Column | Malkeet Kaur

Published on May 19, 2020

Lahore Gymkhana Club – A Legacy from the Past

Lahore Gymkhana Main Entrance

The royal and ancient game is well and thriving in Lahore, especially at the Lahore Gymkhana Club, which is the oldest club in the country. As you walk across the car park and head up the steps leading into the hallowed interior, history permeates the atmosphere. Framed photographs of the old club and the prominently placed plaques on the walls chronicle the passage of time and of a past that is revered. The club prides itself on quality as well as the diversity of its membership which includes businessmen, the literati, renowned journalists, celebrated artists, members of the judiciary, civil services, armed forces and sports.


We are met by a distinguished member of the elite Lahore society, Mr Parvez Bhandara, a long-time member of the club as well as a member of the Committee of Management. Sitting in the cool climes of the Lahori weather, sipping our hot piping chai, al-fresco at Caffe 9, together with other Lahore’s elite, Mr Bhandara shared the history of the club and later also took us for a tour.

Mr Parvez Bhandara…a member of the Committee of Management

Established in 1878 by the British, the Lahore Gymkhana was founded as ‘The Lahore and Mian Mir Institute’ in the lush Lawrence Gardens opposite the sprawling estate of the Governor’s House, the imperial symbol of power and authority of the British Raj.


“After the Britishers established this club in 1878, they also formed the Delhi Gymkhana in 1913 and then the Karachi Gymkhana in 1917. These three were the original three Gymkhana clubs started by the Britishers,” said Bhandara.


The building of the Institute comprised mainly the Lawrence and Montgomery Halls. The Lawrence Hall was built in 1861-62 in memory of Sir John Laird Lawrence, the first Chief Commissioner (1853-57) and Viceroy of India (1863-69), while the Montgomery Hall facing the central avenue of the Bagh-e-Jinnah was built in 1866 to commemorate Robert Montgomery, second Lt Governor of Punjab (1859-65), from contributions made by the native chiefs.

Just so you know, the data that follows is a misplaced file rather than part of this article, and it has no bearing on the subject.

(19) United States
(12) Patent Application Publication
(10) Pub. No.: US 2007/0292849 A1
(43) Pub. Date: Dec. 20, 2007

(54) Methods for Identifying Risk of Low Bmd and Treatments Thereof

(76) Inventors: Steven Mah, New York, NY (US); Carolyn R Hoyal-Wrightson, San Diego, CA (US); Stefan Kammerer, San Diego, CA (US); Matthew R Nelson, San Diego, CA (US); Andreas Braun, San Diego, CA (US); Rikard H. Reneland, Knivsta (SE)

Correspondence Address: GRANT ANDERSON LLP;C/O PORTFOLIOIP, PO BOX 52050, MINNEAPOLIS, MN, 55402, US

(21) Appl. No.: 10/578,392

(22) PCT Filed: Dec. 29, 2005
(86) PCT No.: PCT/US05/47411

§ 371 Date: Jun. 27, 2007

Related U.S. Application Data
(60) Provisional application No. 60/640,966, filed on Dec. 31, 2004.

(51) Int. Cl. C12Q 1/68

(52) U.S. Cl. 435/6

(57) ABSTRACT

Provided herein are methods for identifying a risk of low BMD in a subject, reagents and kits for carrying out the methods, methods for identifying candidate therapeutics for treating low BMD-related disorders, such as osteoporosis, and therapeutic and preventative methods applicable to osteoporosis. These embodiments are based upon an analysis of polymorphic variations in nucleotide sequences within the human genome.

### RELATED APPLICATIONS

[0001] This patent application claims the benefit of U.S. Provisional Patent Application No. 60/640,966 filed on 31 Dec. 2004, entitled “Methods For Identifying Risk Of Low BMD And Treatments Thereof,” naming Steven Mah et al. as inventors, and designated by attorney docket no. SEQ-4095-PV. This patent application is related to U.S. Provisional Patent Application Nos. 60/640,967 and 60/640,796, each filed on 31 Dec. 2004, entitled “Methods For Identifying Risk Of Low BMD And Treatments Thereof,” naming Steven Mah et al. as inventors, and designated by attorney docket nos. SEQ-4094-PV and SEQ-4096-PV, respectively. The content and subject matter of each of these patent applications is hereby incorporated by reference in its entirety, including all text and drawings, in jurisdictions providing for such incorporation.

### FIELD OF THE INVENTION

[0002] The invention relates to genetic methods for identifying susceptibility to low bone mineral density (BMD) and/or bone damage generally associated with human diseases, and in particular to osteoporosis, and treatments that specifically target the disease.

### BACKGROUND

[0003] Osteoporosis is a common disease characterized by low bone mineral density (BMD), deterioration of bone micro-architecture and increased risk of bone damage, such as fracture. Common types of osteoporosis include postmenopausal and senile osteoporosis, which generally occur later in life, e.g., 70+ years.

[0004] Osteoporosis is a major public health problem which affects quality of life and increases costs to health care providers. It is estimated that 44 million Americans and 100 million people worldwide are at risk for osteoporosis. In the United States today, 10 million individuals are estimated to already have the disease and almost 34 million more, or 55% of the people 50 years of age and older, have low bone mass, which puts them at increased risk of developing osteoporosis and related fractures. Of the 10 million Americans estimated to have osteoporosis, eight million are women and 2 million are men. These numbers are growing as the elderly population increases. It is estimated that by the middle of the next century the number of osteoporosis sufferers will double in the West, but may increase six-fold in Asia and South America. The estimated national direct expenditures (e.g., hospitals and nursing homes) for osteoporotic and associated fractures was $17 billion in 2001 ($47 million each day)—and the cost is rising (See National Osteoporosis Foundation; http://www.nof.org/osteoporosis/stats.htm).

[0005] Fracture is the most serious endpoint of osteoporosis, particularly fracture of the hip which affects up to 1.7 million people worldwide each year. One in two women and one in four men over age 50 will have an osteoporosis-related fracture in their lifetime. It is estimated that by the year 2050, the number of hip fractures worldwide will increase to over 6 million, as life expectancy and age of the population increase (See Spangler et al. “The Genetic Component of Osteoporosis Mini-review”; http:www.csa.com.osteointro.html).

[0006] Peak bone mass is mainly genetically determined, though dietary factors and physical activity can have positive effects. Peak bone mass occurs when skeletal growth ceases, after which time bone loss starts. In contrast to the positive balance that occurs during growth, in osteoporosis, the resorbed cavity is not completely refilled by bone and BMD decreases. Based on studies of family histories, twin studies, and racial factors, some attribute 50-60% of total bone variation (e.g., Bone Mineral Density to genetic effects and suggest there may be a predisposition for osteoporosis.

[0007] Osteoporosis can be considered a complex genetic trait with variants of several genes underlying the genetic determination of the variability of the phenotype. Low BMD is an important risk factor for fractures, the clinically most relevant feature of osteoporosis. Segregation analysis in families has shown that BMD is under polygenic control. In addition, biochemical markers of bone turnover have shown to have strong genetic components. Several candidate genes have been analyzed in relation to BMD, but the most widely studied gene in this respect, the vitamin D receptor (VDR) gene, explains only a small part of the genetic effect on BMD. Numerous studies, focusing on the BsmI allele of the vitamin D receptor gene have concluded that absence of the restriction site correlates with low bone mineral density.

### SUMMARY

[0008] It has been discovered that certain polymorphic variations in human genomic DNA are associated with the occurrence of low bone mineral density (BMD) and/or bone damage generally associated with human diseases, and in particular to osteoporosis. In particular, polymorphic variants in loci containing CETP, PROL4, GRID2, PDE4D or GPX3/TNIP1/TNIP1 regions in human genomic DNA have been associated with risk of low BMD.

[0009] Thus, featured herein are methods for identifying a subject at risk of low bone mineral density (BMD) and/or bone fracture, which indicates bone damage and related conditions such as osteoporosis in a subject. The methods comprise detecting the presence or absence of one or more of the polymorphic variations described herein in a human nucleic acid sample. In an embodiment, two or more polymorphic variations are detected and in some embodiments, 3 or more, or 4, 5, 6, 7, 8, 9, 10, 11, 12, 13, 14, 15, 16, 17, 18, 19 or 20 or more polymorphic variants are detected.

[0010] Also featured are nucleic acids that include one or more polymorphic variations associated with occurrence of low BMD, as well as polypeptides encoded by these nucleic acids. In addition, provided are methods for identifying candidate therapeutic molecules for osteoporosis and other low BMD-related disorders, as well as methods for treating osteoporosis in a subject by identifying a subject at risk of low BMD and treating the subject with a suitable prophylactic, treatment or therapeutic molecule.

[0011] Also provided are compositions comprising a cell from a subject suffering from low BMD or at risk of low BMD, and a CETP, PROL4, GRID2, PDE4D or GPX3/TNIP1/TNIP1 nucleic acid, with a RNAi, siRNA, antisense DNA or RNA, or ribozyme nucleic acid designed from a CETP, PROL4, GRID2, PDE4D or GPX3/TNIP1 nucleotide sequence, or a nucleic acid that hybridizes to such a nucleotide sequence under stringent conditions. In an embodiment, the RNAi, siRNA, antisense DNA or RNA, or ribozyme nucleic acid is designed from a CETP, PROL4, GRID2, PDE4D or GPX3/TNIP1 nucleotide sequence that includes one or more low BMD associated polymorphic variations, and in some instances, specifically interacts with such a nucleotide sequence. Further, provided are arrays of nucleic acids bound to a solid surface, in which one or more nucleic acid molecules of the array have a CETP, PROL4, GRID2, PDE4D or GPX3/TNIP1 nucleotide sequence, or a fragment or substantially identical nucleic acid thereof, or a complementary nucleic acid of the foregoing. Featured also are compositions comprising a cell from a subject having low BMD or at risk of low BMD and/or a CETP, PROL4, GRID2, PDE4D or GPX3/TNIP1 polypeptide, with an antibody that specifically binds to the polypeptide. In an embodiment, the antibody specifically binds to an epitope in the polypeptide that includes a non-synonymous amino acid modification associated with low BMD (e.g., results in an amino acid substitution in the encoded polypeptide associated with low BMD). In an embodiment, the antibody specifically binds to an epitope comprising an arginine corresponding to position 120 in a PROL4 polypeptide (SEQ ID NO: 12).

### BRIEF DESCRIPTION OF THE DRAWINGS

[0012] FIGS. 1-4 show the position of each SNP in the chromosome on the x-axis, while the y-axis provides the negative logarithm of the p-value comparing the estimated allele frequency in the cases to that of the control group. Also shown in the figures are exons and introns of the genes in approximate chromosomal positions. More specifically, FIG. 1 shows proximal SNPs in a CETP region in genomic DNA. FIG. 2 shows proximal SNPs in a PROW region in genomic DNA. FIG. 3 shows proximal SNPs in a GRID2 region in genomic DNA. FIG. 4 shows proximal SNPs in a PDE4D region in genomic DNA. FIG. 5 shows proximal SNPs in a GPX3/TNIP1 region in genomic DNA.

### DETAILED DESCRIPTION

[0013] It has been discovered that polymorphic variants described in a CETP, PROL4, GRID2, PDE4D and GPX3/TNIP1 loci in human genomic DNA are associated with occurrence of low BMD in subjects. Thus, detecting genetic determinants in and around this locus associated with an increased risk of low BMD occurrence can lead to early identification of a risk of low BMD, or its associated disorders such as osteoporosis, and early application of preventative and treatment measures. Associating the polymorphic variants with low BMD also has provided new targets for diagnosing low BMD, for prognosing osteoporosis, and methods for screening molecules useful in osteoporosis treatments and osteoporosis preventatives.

The Halls were the centre of Lahore’s social scene where Lahore’s elite of the British era gathered and indulged in their sporting activities as well as mingled with their peers. Locals were not allowed. Only the handful of local royalty like the Muslim Nawabs and Sikh lords were allowed membership of the club. Since then the club has been known as an elite’s club in Lahore.


In 1906, the ‘Lahore and Mian Mir Institute’ was changed to the Lahore Gymkhana. However, in 1972, the premises were taken over by the government of Punjab and the club had to move from Mall Road to its present location at the Upper Mall Road, which interestingly was the Golf Club of Lahore Gymkhana.

Gymkhana Old Golf Club House

Bhandara explained, “It is a government of Punjab land. The British took it on lease from the government of Punjab and so when the lease expired, we had to leave. The Montgomery Hall is a beautiful old building. Now it’s the biggest library in Lahore by the name of Quaid-e-Azam library. On the back of that hall, there is a cricket ground with a pavilion. The cricket ground is still with us.”


He added, “When they took it over and asked us to move, we already had this golf course which the British built. In the old days, this was only a golf club with an 18-hole golf course.”


Spread over an area of 117 acres, the Lahore Gymkhana Club finally found a home they could do a lot with and expand. The foundation stone of the present clubhouse was laid in 1968 and completed in 1972. The cost of the building was borne by the generous members. Now all sports, except for cricket is played at the current Gymkhana club. The Lahore Gymkhana Cricket ground, which is thought to be one of the most beautiful in the country, is still located in the old grounds.

The Driving Range